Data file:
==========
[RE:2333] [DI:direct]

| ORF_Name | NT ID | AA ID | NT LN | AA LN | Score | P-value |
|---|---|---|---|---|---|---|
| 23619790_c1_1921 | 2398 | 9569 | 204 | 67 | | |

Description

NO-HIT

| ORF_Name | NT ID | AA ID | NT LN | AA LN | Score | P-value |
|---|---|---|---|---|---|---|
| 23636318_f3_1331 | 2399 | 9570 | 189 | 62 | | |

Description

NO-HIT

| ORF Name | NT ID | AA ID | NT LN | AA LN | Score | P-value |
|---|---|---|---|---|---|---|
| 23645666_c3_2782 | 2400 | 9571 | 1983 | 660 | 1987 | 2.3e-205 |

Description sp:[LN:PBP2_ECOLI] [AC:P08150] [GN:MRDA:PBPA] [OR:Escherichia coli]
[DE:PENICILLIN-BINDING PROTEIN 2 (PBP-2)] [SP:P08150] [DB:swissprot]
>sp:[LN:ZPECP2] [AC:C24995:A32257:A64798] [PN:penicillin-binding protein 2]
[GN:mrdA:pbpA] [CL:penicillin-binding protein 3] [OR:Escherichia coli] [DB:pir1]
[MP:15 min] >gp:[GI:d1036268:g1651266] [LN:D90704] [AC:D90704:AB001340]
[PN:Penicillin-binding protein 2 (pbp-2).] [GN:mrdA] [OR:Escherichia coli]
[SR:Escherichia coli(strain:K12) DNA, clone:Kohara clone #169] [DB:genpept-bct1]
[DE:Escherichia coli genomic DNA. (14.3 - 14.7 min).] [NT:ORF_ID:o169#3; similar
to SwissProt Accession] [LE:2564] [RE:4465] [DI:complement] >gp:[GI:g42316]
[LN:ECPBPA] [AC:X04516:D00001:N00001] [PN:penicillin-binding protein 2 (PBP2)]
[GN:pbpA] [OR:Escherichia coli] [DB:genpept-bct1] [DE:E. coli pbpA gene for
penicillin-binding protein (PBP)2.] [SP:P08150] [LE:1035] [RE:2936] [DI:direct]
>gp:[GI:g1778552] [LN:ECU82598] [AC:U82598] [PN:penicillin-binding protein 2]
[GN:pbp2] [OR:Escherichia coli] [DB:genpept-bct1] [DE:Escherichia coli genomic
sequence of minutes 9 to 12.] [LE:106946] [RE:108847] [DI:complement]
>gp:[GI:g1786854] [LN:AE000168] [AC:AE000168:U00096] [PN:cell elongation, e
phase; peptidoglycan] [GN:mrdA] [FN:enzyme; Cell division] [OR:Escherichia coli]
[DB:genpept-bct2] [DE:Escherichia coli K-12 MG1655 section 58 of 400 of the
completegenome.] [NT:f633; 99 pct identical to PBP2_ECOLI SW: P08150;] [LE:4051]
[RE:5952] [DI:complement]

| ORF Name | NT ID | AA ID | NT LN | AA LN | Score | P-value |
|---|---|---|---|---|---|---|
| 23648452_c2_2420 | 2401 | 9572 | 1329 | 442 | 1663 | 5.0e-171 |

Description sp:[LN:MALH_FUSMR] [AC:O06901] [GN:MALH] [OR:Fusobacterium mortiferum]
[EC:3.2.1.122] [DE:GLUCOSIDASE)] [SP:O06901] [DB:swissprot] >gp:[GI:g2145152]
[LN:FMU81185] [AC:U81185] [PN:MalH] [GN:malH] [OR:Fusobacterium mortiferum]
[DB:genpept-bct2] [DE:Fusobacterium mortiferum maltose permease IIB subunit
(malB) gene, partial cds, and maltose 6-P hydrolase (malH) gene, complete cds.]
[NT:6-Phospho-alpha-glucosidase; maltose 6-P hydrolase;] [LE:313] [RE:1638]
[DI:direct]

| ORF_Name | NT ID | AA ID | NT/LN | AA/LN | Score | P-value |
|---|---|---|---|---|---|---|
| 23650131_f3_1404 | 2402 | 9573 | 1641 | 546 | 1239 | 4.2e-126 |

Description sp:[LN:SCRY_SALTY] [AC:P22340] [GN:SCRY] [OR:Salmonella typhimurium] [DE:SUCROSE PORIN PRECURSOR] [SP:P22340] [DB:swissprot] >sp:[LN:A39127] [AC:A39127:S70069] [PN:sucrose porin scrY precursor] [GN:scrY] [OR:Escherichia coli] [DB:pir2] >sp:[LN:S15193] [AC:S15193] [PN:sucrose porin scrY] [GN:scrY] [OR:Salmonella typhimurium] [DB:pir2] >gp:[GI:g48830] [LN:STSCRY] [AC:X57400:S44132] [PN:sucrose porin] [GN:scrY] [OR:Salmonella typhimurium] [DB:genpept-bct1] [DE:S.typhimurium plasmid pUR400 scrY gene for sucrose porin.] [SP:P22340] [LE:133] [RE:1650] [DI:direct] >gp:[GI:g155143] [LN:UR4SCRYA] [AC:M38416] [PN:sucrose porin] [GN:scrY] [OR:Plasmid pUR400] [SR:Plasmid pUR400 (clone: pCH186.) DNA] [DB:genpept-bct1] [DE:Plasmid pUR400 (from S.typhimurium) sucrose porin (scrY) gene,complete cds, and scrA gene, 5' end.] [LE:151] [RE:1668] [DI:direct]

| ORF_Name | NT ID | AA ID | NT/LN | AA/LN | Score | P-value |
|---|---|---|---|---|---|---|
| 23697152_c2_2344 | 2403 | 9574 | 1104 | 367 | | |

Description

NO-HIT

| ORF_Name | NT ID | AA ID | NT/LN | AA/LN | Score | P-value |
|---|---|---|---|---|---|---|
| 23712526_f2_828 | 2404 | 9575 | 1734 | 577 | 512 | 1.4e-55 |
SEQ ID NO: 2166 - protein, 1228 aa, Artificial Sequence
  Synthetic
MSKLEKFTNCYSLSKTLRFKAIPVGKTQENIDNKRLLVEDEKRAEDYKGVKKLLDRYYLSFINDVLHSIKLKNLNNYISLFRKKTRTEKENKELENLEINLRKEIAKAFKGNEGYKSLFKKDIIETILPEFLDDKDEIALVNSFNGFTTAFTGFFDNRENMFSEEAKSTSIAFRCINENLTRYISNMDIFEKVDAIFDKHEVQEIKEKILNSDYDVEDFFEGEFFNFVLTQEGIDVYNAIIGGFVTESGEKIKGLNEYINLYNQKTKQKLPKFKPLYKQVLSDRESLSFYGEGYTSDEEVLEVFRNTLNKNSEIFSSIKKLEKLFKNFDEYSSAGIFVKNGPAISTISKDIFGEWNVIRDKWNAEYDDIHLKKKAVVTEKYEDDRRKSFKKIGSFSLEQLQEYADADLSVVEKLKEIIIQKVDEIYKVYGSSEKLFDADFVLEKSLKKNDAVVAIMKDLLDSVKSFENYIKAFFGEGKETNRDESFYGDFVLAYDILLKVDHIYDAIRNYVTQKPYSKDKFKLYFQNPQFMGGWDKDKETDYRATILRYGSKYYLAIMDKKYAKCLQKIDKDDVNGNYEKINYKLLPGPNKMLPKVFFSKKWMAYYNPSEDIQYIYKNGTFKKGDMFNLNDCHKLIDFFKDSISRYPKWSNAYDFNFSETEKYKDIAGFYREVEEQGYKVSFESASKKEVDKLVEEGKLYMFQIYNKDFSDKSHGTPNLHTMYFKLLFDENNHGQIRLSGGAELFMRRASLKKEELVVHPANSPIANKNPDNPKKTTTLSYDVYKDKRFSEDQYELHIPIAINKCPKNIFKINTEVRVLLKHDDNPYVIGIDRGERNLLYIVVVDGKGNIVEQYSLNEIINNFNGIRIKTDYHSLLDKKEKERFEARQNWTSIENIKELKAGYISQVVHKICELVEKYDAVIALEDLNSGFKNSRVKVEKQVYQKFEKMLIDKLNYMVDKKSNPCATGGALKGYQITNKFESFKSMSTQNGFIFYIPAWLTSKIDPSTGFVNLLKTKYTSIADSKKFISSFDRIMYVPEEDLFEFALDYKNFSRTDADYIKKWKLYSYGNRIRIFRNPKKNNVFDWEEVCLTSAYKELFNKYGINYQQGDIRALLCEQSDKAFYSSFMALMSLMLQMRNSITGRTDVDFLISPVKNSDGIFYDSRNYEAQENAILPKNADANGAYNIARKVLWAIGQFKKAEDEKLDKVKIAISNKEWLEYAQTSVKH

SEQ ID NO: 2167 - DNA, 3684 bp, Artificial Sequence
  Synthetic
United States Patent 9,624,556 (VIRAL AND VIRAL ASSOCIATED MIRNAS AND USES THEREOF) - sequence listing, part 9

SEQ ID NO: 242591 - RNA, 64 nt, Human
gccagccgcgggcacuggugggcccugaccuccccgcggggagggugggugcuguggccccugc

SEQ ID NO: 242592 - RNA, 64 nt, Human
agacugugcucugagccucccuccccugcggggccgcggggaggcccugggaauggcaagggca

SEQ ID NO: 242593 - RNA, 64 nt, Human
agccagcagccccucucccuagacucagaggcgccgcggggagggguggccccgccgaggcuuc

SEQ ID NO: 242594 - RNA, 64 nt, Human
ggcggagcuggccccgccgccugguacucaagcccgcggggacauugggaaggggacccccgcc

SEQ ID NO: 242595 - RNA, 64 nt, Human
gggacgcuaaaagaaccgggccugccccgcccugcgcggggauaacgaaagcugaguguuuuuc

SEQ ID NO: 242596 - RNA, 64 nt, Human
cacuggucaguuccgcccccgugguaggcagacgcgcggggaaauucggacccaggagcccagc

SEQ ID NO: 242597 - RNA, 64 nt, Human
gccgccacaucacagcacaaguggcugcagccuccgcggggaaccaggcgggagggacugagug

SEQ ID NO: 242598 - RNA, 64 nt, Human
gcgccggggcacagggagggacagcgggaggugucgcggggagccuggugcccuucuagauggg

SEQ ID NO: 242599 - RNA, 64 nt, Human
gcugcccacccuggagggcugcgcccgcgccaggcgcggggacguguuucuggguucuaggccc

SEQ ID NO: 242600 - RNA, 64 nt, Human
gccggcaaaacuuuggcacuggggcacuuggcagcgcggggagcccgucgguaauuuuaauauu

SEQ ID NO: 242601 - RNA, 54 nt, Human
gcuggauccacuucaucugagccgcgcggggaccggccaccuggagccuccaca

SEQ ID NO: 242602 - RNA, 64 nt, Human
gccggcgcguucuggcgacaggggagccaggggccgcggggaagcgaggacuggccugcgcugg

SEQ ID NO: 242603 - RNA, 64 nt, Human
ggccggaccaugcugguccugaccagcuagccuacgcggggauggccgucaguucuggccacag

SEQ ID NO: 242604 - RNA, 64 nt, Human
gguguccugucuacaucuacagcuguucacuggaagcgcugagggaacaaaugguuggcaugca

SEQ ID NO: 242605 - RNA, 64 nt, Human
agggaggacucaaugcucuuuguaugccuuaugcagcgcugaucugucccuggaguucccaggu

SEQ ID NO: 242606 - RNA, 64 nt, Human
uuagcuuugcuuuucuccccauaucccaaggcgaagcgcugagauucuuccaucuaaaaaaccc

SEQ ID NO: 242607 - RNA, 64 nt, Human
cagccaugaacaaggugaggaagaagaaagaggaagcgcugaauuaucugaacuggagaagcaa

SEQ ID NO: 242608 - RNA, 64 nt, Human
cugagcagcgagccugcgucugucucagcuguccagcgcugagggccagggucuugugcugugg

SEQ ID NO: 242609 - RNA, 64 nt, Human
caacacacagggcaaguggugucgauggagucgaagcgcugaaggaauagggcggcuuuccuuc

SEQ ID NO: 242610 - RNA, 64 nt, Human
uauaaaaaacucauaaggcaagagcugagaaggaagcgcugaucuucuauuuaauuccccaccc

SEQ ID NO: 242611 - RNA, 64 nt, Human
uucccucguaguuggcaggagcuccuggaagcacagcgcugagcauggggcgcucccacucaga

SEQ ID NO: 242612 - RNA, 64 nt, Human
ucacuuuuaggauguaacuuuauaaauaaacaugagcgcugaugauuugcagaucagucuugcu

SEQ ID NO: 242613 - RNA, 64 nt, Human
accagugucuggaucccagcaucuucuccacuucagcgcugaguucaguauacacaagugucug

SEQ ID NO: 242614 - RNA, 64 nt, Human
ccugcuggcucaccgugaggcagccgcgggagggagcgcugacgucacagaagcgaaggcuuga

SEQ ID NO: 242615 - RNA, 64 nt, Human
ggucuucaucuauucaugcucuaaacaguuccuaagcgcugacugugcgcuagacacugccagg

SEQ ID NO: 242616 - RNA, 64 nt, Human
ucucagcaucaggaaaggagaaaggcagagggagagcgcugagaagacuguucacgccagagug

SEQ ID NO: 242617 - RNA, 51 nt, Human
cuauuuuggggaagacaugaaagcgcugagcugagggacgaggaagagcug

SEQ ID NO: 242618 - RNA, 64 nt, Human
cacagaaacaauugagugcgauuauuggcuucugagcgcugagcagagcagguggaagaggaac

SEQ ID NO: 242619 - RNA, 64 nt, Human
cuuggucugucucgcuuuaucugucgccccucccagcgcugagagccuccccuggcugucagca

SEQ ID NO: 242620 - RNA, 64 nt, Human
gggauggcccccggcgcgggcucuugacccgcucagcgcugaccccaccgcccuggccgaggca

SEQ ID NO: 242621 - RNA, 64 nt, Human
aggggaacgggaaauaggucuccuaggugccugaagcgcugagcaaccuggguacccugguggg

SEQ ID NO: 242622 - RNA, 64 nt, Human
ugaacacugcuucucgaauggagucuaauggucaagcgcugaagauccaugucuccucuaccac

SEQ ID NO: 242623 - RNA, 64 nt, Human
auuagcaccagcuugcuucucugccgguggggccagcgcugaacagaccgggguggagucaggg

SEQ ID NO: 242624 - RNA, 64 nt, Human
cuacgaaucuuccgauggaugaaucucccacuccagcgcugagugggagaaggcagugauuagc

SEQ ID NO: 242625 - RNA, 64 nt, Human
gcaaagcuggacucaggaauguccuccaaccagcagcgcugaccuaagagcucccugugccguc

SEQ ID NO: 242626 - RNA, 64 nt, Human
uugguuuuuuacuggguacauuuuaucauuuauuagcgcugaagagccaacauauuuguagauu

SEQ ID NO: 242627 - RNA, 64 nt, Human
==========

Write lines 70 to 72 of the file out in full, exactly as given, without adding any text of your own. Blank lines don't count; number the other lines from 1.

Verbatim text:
ggcggagcuggccccgccgccugguacucaagcccgcggggacauugggaaggggacccccgcc

SEQ ID NO: 242595 - RNA, 64 nt, Human
gggacgcuaaaagaaccgggccugccccgcccugcgcggggauaacgaaagcugaguguuuuuc